Submitted to: American Society of Agricultural Engineers Meetings Papers
Publication Type: Proceedings
Publication Acceptance Date: 7/19/1999
Publication Date: N/A
Citation: Interpretive Summary: In 1996, the nursery/landscape industry generated nearly $50 billion in consumer sales. Consumer demand is requiring the nursery industry to increase production while maintaining tighter controls over production techniques, especially those related to environmental stewardship. Keeping in mind the nursery industry's needs to improve the efficiency of application techniques and to minimize its impact on the environment, a series of experiments were designed to evaluate the effect of several different application parameters on the fate of nursery tree sprays. An experimental cross-flow (CF) fan sprayer and a conventional, air blast type of sprayer (DW) were used to treat multiple rows of four year old, multi-stem, red maple trees, and Turkish Filbert trees. Besides sprayer type, application rate, travel speed, air-assist fan speed, and fan orientation were evaluated. Food coloring applied by each application type was used to estimate deposits on leaves and ground targets. The test results showed that the conventional DW sprayer produced the highest deposits in the tree row closest to the sprayer. However, there was less variation in spray deposits across canopies for the standard CF treatment. The CF sprayer also produced deposits that covered more of the leaf area than compared to the DW treatment. Slowing the CF fan speed increased deposits in the row closest to the sprayer and reduced spray losses to the ground. Nursery managers can use these results to adjust the operation of their sprayers so that they can keep more spray on target which will reduce the total amount of pesticide needed to provide biological control and will reduce time spent making applications.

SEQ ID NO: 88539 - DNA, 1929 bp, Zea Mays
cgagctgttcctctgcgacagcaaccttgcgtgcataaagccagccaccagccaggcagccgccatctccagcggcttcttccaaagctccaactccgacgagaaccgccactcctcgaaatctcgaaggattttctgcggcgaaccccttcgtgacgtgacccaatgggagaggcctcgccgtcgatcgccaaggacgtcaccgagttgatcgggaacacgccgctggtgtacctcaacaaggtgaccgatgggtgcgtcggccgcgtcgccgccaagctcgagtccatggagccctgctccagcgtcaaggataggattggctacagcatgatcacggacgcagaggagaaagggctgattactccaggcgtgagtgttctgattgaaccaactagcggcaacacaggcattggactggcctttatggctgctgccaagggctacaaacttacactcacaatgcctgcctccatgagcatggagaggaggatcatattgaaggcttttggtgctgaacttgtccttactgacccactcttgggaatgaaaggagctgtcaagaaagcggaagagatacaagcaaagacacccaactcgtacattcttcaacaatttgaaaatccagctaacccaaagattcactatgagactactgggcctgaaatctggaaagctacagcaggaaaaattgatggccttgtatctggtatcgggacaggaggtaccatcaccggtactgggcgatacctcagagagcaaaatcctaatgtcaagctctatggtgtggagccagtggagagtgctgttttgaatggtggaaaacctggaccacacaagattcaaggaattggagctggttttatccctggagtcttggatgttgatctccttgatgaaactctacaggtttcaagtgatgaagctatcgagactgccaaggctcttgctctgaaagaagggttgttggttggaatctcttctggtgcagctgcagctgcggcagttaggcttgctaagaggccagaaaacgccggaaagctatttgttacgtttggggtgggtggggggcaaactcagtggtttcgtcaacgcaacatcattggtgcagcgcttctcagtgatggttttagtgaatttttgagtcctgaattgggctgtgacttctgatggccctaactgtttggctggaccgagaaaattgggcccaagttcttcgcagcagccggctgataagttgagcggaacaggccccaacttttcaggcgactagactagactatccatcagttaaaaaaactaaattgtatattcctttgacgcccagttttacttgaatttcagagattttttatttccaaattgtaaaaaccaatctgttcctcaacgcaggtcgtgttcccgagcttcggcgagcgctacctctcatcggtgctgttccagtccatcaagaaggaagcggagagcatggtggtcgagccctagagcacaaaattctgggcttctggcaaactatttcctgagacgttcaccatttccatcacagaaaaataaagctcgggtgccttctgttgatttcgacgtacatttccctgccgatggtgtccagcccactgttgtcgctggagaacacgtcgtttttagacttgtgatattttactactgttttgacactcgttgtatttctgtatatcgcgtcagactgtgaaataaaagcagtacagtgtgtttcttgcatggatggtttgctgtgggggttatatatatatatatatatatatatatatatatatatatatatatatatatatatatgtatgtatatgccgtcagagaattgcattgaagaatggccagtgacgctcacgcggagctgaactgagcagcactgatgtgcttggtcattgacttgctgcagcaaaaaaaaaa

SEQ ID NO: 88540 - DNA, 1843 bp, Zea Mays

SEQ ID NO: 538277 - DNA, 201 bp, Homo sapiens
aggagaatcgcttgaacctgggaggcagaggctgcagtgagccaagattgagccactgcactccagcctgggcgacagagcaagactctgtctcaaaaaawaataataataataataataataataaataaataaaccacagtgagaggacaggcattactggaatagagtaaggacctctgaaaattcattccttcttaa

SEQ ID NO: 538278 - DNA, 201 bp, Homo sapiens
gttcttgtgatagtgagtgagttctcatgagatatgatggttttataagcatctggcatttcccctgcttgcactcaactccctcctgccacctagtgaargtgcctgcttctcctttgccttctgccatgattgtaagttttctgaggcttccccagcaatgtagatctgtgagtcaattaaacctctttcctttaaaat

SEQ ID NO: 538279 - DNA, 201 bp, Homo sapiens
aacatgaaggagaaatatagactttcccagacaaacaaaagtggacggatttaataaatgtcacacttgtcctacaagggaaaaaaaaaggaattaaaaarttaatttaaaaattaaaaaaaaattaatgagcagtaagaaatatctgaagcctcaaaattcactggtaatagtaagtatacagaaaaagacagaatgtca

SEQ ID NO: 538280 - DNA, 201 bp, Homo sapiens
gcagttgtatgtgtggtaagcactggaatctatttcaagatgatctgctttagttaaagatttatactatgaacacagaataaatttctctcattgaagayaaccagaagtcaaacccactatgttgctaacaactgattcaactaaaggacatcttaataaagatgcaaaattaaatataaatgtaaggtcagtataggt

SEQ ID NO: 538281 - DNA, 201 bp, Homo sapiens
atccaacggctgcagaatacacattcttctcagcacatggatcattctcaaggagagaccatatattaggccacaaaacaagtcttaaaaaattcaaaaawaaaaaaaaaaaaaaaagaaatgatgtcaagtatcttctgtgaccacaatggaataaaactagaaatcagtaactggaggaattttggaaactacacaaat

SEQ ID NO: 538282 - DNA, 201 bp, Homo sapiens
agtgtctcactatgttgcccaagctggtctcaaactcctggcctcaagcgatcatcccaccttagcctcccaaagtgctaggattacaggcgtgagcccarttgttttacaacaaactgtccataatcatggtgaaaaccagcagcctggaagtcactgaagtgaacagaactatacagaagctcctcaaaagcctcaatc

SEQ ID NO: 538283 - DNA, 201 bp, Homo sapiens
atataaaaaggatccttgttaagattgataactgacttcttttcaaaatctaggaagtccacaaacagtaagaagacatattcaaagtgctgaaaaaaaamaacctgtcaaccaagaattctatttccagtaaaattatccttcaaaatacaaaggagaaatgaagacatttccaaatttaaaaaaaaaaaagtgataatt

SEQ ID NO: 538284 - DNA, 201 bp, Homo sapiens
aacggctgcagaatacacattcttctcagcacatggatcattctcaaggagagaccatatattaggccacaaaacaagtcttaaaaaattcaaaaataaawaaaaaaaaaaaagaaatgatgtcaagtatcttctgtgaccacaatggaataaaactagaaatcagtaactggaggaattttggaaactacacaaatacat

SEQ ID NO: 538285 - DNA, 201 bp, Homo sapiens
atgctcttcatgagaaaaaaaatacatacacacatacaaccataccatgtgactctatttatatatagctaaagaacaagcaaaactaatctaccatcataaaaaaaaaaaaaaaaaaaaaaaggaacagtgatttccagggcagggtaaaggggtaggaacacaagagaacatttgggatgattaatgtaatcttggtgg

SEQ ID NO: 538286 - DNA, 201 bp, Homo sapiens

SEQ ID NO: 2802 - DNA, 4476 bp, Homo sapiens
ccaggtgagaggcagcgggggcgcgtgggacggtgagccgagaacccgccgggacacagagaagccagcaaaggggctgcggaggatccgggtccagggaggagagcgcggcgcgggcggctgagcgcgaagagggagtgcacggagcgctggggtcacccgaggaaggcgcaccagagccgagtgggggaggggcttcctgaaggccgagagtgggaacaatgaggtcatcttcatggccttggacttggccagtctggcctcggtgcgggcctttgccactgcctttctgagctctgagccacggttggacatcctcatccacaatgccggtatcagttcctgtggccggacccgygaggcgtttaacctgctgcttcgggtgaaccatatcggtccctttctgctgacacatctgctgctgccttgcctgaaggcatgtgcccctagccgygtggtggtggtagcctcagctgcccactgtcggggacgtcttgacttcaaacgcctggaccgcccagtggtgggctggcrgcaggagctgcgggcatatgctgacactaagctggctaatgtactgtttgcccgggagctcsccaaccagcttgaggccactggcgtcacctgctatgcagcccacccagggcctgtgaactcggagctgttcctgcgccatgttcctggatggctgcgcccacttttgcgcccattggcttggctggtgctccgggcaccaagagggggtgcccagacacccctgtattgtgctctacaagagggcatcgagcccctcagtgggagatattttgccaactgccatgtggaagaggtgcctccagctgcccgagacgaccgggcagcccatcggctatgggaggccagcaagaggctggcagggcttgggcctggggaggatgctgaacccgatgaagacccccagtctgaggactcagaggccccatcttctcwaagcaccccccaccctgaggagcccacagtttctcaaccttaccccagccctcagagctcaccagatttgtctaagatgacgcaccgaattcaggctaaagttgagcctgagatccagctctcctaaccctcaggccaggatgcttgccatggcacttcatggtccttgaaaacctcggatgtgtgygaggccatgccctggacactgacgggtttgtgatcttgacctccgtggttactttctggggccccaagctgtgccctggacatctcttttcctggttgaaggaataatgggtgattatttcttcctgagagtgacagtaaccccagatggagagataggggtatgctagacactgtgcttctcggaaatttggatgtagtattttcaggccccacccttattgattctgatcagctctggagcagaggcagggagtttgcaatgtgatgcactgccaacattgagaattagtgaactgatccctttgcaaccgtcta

Technical Abstract: Concerns regarding the future of pesticide registrations and population of areas surrounding nurseries are forcing nursery managers to reevaluate their pest management strategies. These experiments were designed to evaluate how to keep more spray material on target and reduce losses to the ground. An experimental cross-flow (CF) fan sprayer and a conventional, air blast type of sprayer (DW) were used to treat multiple rows consisting of four year old, multi-stem, red maple trees, and Turkish Filbert trees. Food coloring was used to estimate canopy and ground deposits and water sensitive paper was used to evaluate spray coverage. Variations in deposits and coverage across the canopies were generally smaller for the CF sprayer than the DW sprayer. The DW sprayer produced the highest overall deposits in the first row nearest the sprayer. Reducing the DW sprayer ground speed while maintaining the application rate did not significantly change any of the measures of performance. The CF sprayer treatments produced higher coverage ratings in the second and third rows downwind from the sprayer compared to the DW treatments. These deposit and coverage results indicate that the conventional, air blast treatment is limited to making applications on each side of every treatment row if uniform spray deposits are required. The CF sprayer may not need to be operated down every row depending on the overall deposits and coverage needed. The performance of the reduced application rate CF sprayer also indicates that this sprayer design may provide equivalent or superior biological control compared to the air blast treatment while reducing the time and water requirements necessary to make the application.